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Minerals and Bone Health

Minerals and Bone Health

Many people tend to think of bones as just tubes made of calcium. The role of calcium in bone health has been stressed to the exclusion of the other components of bone. Bone is living tissue. It is a protein matrix that is reinforced with calcium and other minerals. Many minerals other than calcium are important to bone health.

Magnesium, manganese, folic acid, boron, vitamin B6, vitamin B12 and even strontium are necessary for healthy bones. Exercise, digestion, and hormonal balance also play a role in bone health.

Antacids Shouldn’t Replace Calcium Supplements

Many practitioners recommend calcium supplements. The primary reason for this recommendation is the reduced risk of osteoporosis derived from long‐term intake of calcium. Some healthcare professionals have recommended antacids as a good source of supplemental calcium. Although antacids have their place, they should not be relied on as a source of calcium.

What do antacids contain? Antacids contain calcium as one of the main alkalizing agents. In addition to calcium, many antacids also contain the following ingredients:

Sodium: Many antacids contain as much as 53 mg of sodium. Sodium can be particularly troublesome for those with high blood pressure.
Aluminum: Aluminum compounds—such as magnesium aluminum silicate and dihydroxyaluminum found in antacids—are believed to be harmful by many nutritional oriented practitioners.

Food Preservatives: Methylparaben, propylparaben and polyethylene glycol, three widely used food preservatives, are often present in antacids.
Mineral oil: This can coat the digestive tract and impair absorption of fat‐soluble nutrients, such as vitamin D and vitamin E.

Flavorings: These are not always listed individually, which means that they could include synthetic chemical compounds.
Sucrose: This is table sugar; which can be detrimental to those with diabetes or hypoglycemia. Corn starch and corn syrup: These could be a problem for individuals with allergies to corn.

FD&C Red #3: This could trigger problems for those who are chemically sensitive.

What about the calcium in antacids? The calcium carbonate contained in antacid tablets ranges from 317 mg to 500 mg per tablet. Unfortunately, calcium carbonate is only 40% calcium; the other 60% is the carbonate carrier. Therefore, the actual calcium content only ranges from 127 mg to 200 mg per tablet.

The conservative adult recommended allowance for calcium is 1,000 mg. It would require between five and eight antacid tablets per day to meet this recommendation using antacids as the calcium source. The per tablet cost of antacids is much higher than regular calcium supplements. Average costs for five to eight antacid tablets is up to ten times more than a comparable amount of calcium supplied by calcium supplements.

Aside from cost, calcium supplements are a better choice since they are less likely to contain chemical additives. In addition, calcium supplements usually contain other key minerals needed for bone health, such as magnesium and zinc.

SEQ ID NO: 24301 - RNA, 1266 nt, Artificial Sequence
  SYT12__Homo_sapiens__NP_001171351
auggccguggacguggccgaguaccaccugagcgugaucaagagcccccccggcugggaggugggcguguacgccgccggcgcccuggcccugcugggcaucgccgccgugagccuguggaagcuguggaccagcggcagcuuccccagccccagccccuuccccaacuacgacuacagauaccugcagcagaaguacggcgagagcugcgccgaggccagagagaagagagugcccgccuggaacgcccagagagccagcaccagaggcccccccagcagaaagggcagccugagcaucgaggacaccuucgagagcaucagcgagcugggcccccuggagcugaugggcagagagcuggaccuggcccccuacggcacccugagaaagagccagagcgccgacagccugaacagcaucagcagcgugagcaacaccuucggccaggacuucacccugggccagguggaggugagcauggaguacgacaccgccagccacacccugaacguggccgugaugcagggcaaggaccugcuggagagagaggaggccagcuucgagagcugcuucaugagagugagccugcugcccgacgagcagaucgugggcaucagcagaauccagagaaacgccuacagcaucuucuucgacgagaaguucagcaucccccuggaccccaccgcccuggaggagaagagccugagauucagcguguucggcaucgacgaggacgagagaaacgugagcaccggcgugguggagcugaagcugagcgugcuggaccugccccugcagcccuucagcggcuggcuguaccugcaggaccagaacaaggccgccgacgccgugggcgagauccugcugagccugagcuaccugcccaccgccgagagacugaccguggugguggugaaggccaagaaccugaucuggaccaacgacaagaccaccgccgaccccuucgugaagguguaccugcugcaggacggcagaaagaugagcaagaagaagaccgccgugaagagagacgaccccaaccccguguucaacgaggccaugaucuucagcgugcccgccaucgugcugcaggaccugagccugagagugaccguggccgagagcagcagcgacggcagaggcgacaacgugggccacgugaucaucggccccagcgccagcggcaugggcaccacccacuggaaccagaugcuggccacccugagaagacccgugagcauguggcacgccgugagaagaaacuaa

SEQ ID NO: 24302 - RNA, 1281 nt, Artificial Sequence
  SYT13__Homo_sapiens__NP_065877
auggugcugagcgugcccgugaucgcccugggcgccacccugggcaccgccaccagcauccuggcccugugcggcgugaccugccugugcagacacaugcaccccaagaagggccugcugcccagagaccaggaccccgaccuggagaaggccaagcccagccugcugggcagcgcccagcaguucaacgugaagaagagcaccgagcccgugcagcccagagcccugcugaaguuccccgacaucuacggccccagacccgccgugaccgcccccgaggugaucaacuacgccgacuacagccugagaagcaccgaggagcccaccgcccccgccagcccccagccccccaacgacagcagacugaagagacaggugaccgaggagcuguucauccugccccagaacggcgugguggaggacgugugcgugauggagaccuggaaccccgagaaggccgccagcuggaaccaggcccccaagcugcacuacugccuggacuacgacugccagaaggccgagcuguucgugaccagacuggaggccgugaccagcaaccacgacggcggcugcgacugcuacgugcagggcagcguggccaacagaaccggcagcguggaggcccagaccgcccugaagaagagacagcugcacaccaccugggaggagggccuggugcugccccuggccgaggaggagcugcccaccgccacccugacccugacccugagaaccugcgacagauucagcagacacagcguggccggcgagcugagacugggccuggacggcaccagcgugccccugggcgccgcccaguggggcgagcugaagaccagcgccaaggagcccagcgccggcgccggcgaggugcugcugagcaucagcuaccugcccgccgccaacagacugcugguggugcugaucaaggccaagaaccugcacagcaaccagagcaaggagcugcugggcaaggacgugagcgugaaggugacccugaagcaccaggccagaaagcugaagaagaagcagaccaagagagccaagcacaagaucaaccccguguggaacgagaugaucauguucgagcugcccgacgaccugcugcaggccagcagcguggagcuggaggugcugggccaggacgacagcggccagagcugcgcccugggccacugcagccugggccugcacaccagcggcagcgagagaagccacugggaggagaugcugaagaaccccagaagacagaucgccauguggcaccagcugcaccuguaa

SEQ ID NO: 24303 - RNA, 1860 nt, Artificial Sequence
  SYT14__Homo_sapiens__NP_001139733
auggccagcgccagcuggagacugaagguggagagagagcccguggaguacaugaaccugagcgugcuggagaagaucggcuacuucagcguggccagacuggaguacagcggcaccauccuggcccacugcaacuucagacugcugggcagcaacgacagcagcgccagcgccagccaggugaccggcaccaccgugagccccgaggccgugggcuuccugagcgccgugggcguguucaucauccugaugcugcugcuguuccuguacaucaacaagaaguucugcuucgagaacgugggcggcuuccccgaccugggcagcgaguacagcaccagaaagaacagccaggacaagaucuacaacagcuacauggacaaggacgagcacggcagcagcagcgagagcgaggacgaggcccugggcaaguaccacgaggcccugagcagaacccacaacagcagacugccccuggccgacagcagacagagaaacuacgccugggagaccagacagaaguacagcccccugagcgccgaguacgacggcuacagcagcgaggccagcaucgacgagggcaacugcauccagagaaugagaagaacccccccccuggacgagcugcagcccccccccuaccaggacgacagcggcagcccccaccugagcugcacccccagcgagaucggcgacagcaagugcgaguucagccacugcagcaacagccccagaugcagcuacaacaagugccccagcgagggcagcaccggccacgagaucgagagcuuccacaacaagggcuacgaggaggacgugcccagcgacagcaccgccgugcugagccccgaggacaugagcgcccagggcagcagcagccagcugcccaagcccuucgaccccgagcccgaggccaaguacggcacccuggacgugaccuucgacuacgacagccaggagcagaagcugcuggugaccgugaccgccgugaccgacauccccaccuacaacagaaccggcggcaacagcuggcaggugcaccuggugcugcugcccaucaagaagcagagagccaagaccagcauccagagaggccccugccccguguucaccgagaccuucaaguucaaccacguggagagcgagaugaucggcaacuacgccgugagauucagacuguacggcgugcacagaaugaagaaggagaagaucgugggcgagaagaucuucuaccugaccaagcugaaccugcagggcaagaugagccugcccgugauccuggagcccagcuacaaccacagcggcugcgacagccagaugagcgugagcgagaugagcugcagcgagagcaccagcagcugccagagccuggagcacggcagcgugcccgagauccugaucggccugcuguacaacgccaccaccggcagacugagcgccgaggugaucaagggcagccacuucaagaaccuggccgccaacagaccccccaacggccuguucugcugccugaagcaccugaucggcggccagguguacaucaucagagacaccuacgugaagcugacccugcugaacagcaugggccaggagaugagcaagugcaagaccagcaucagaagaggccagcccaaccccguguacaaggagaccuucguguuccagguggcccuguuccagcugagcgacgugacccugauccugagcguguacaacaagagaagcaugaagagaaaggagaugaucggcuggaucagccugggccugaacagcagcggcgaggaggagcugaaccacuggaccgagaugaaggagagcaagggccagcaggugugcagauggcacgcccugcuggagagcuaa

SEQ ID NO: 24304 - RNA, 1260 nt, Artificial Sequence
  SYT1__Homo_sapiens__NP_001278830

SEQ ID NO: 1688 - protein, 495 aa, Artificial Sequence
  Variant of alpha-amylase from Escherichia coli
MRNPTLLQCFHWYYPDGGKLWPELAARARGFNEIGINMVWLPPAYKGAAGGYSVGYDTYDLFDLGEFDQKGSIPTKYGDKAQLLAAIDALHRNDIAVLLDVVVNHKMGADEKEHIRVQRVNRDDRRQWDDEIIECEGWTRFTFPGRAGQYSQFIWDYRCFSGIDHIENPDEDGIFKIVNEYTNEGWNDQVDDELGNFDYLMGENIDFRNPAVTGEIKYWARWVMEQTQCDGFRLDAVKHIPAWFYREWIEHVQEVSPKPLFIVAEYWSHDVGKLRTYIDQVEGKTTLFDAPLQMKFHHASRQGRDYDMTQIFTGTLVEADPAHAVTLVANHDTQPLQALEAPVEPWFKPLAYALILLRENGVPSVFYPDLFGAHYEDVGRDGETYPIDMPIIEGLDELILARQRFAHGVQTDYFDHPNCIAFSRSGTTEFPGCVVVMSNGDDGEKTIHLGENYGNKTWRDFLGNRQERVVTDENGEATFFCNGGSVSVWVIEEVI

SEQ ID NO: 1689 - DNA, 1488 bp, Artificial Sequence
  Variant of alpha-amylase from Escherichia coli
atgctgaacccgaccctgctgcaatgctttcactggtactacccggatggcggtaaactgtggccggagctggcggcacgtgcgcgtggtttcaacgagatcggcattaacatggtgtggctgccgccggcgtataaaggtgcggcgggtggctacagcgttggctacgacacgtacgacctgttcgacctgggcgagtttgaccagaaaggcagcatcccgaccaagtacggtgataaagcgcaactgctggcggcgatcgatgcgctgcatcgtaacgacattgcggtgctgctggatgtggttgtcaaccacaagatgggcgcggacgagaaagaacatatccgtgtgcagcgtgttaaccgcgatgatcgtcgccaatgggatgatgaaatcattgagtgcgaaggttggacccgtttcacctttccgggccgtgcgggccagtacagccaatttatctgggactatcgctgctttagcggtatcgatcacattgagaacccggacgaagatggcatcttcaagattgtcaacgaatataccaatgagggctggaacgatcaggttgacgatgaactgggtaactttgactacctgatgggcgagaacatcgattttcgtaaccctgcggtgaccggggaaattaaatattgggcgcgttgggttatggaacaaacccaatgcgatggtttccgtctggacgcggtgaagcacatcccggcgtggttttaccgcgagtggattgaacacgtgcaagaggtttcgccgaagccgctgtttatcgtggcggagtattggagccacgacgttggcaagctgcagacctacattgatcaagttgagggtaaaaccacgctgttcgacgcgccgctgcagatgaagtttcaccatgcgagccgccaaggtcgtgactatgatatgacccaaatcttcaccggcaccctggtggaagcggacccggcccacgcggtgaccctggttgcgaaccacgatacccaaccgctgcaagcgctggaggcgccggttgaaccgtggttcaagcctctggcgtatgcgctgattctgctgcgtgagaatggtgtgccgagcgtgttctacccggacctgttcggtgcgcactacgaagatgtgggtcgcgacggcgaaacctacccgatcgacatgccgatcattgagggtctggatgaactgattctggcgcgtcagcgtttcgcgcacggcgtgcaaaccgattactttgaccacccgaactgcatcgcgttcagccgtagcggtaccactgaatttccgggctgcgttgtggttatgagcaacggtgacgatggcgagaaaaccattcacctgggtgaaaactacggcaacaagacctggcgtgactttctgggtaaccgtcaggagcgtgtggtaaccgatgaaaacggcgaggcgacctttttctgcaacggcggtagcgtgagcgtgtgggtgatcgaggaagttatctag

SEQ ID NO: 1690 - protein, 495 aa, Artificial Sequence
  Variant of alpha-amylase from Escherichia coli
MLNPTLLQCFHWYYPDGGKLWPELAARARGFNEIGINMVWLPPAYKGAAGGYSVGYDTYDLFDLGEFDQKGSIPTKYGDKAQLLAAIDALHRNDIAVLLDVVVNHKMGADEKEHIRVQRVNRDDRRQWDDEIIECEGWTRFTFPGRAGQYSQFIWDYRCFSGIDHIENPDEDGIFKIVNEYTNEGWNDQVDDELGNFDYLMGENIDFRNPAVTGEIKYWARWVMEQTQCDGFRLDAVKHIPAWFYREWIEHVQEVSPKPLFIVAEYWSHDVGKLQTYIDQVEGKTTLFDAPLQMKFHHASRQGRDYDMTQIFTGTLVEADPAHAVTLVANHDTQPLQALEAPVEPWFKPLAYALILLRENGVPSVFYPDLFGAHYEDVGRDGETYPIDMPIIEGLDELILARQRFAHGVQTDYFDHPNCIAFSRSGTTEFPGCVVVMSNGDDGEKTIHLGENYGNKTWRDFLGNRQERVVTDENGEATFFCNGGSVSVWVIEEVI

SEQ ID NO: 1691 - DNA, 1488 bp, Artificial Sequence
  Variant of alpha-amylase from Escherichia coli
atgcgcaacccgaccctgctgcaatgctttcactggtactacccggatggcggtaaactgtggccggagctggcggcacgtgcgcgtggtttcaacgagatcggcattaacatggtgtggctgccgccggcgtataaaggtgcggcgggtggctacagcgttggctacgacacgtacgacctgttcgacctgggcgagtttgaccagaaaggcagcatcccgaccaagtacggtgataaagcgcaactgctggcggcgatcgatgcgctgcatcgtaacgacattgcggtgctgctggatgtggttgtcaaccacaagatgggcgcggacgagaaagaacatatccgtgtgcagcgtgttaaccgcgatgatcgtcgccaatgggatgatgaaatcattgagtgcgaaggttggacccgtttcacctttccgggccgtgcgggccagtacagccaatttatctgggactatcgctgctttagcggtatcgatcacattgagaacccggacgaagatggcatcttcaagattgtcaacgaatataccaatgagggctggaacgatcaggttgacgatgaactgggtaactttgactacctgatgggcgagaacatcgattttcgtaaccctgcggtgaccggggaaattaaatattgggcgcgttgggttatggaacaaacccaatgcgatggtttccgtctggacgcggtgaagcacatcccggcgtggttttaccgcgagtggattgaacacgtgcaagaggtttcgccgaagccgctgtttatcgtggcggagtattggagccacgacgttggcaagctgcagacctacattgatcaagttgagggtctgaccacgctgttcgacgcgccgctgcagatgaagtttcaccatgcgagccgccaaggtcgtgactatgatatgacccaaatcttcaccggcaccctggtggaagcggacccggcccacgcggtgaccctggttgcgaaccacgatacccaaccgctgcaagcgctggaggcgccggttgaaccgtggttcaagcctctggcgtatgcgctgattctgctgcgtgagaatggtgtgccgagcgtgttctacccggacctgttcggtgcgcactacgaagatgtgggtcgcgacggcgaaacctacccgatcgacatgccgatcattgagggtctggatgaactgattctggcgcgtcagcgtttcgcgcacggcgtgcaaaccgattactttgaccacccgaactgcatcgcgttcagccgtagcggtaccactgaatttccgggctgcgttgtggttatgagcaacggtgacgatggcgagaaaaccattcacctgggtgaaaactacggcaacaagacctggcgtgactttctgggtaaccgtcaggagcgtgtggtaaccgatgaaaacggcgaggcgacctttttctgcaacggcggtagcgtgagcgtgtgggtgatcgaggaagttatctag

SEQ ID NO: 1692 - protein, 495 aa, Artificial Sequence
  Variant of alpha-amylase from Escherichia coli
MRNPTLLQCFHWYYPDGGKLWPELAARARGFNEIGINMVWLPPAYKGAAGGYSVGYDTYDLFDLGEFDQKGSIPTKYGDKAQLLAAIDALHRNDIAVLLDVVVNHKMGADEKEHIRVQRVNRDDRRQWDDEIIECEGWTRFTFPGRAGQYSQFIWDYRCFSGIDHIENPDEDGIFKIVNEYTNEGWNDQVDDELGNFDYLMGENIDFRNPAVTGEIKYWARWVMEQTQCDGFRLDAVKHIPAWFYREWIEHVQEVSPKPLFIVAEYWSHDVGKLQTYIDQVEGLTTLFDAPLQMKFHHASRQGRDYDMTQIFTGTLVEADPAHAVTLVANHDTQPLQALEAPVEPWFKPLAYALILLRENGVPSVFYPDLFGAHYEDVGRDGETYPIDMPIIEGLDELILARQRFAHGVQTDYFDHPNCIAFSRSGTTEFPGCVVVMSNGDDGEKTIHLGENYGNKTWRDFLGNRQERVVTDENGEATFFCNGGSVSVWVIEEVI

If an antacid were available that contained no potentially harmful chemicals and was comparable in price to a calcium supplement would it be a good source of supplemental calcium? Unfortunately, the answer is still “no.” Here’s why:

First, aluminum compounds have received a great deal of publicity in recent years due to the association of aluminum in the brain and Alzheimer’s disease. It has been shown that the aluminum in antacids is absorbed by the intestine. Furthermore, aluminum‐containing antacids interfere with normal mineral metabolism.

Prolonged use of aluminum containing antacids has been linked with severe bone pain and fractures. In fact, some practitioners have gone so far as to suggest that such antacids cause bone loss and their use should be considered one of the causative factors in bone diseases of unknown origin.1

Second, a key factor in protein digestion and some mineral absorption (including calcium absorption) is an adequate supply of hydrochloric acid (HCl) in the stomach.2 Since the function of antacid tablets is to reduce stomach acidity, antacids can theoretically reduce, rather than increase, calcium absorption.

The relationship between antacids and stomach acid: When stomach HCl is in short supply, heartburn can develop. With low HCl, people often cannot tolerate fried or spicy foods. Some cannot even handle eggs, butter, milk, meat, or cheese. These are the same symptoms that antacids are prescribed for. Other symptoms include a feeling of fullness after eating, belching, constipation, diarrhea, and flatulence.3

If HCl is low, the stomach holds the food longer. (This is why one symptom of low HCl is a feeling of fullness after a meal.) The small amount of HCl available, mixes with the food, but instead of emptying its contents into the small intestine, the stomach churns and regurgitates some of this mixture into the esophagus. Since the throat is not protected against acid with the same mucosal barrier of the stomach, the throat feels “burned” by the heartburn. By treating this heartburn with antacids, the burning stops—but all the problems described above can occur. A better solution would be to increase the stomach’s HCl levels.

References:

  1. Spencer and L Kramer. Antacid‐induced calcium loss. Arch Intern Med 1983,143(4):657‐9.
  2. Turek L. Orthopaedics: Principles and Their Application. 1977, JB Lippincott, pages 189‐90.
  3. Rappaport M. Achlorhydria: Associated symptoms and response to hydrochloric acid. NEJM, 1955,

    252(19):802‐5.

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